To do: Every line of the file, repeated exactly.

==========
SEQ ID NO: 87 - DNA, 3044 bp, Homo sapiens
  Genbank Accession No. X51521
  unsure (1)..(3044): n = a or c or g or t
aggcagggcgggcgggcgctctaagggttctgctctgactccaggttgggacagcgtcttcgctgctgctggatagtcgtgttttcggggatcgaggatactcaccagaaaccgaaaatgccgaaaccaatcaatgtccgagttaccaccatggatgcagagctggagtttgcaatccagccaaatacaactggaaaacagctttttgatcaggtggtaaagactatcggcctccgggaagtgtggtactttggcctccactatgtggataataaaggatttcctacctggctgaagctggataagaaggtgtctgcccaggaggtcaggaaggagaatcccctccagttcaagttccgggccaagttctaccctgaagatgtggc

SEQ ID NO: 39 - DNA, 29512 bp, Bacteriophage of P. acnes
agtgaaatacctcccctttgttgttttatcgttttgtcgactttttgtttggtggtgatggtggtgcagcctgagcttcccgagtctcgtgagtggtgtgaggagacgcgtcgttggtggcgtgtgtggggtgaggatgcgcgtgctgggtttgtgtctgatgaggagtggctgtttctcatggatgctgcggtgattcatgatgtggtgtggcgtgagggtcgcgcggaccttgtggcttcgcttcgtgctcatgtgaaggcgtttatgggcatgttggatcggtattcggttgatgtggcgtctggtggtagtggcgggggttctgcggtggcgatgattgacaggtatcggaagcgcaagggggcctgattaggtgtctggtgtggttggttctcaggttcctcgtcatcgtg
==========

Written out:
SEQ ID NO: 87 - DNA, 3044 bp, Homo sapiens
  Genbank Accession No. X51521
  unsure (1)..(3044): n = a or c or g or t
aggcagggcgggcgggcgctctaagggttctgctctgactccaggttgggacagcgtcttcgctgctgctggatagtcgtgttttcggggatcgaggatactcaccagaaaccgaaaatgccgaaaccaatcaatgtccgagttaccaccatggatgcagagctggagtttgcaatccagccaaatacaactggaaaacagctttttgatcaggtggtaaagactatcggcctccgggaagtgtggtactttggcctccactatgtggataataaaggatttcctacctggctgaagctggataagaaggtgtctgcccaggaggtcaggaaggagaatcccctccagttcaagttccgggccaagttctaccctgaagatgtggc

SEQ ID NO: 39 - DNA, 29512 bp, Bacteriophage of P. acnes
agtgaaatacctcccctttgttgttttatcgttttgtcgactttttgtttggtggtgatggtggtgcagcctgagcttcccgagtctcgtgagtggtgtgaggagacgcgtcgttggtggcgtgtgtggggtgaggatgcgcgtgctgggtttgtgtctgatgaggagtggctgtttctcatggatgctgcggtgattcatgatgtggtgtggcgtgagggtcgcgcggaccttgtggcttcgcttcgtgctcatgtgaaggcgtttatgggcatgttggatcggtattcggttgatgtggcgtctggtggtagtggcgggggttctgcggtggcgatgattgacaggtatcggaagcgcaagggggcctgattaggtgtctggtgtggttggttctcaggttcctcgtcatcgtg